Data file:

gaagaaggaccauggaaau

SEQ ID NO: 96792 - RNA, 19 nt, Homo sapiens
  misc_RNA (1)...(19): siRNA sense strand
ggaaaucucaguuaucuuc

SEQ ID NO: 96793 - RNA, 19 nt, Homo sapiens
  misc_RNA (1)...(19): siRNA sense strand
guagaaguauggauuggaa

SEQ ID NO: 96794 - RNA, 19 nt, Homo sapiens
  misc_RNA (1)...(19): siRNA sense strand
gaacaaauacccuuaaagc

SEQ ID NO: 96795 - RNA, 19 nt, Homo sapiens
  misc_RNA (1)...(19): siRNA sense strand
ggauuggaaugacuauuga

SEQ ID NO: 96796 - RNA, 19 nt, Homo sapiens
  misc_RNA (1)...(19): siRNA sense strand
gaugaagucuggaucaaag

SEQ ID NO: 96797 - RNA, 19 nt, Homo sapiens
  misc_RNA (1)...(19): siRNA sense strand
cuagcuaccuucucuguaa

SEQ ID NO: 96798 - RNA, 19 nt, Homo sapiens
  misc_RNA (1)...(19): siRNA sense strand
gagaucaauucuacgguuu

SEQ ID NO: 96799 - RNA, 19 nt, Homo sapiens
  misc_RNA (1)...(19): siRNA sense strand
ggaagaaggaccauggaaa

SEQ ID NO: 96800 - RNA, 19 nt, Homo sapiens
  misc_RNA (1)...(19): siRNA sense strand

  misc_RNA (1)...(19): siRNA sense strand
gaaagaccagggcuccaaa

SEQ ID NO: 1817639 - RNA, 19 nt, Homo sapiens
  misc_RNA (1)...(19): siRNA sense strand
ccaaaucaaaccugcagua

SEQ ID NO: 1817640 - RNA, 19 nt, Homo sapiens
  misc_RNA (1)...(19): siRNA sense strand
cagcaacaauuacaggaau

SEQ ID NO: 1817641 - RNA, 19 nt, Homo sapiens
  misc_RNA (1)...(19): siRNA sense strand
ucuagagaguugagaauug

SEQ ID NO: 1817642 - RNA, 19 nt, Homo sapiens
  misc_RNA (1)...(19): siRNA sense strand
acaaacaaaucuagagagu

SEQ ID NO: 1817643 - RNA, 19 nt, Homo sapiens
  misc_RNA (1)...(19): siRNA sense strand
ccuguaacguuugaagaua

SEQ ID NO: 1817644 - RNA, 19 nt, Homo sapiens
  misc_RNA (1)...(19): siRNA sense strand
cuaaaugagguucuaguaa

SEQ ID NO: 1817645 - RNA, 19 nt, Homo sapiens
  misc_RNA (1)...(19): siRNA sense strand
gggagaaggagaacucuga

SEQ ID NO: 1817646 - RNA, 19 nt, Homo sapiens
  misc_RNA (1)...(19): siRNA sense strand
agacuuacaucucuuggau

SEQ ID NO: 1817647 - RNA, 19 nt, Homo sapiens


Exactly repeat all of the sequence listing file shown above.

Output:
gaagaaggaccauggaaau

SEQ ID NO: 96792 - RNA, 19 nt, Homo sapiens
  misc_RNA (1)...(19): siRNA sense strand
ggaaaucucaguuaucuuc

SEQ ID NO: 96793 - RNA, 19 nt, Homo sapiens
  misc_RNA (1)...(19): siRNA sense strand
guagaaguauggauuggaa

SEQ ID NO: 96794 - RNA, 19 nt, Homo sapiens
  misc_RNA (1)...(19): siRNA sense strand
gaacaaauacccuuaaagc

SEQ ID NO: 96795 - RNA, 19 nt, Homo sapiens
  misc_RNA (1)...(19): siRNA sense strand
ggauuggaaugacuauuga

SEQ ID NO: 96796 - RNA, 19 nt, Homo sapiens
  misc_RNA (1)...(19): siRNA sense strand
gaugaagucuggaucaaag

SEQ ID NO: 96797 - RNA, 19 nt, Homo sapiens
  misc_RNA (1)...(19): siRNA sense strand
cuagcuaccuucucuguaa

SEQ ID NO: 96798 - RNA, 19 nt, Homo sapiens
  misc_RNA (1)...(19): siRNA sense strand
gagaucaauucuacgguuu

SEQ ID NO: 96799 - RNA, 19 nt, Homo sapiens
  misc_RNA (1)...(19): siRNA sense strand
ggaagaaggaccauggaaa

SEQ ID NO: 96800 - RNA, 19 nt, Homo sapiens
  misc_RNA (1)...(19): siRNA sense strand

  misc_RNA (1)...(19): siRNA sense strand
gaaagaccagggcuccaaa

SEQ ID NO: 1817639 - RNA, 19 nt, Homo sapiens
  misc_RNA (1)...(19): siRNA sense strand
ccaaaucaaaccugcagua

SEQ ID NO: 1817640 - RNA, 19 nt, Homo sapiens
  misc_RNA (1)...(19): siRNA sense strand
cagcaacaauuacaggaau

SEQ ID NO: 1817641 - RNA, 19 nt, Homo sapiens
  misc_RNA (1)...(19): siRNA sense strand
ucuagagaguugagaauug

SEQ ID NO: 1817642 - RNA, 19 nt, Homo sapiens
  misc_RNA (1)...(19): siRNA sense strand
acaaacaaaucuagagagu

SEQ ID NO: 1817643 - RNA, 19 nt, Homo sapiens
  misc_RNA (1)...(19): siRNA sense strand
ccuguaacguuugaagaua

SEQ ID NO: 1817644 - RNA, 19 nt, Homo sapiens
  misc_RNA (1)...(19): siRNA sense strand
cuaaaugagguucuaguaa

SEQ ID NO: 1817645 - RNA, 19 nt, Homo sapiens
  misc_RNA (1)...(19): siRNA sense strand
gggagaaggagaacucuga

SEQ ID NO: 1817646 - RNA, 19 nt, Homo sapiens
  misc_RNA (1)...(19): siRNA sense strand
agacuuacaucucuuggau

SEQ ID NO: 1817647 - RNA, 19 nt, Homo sapiens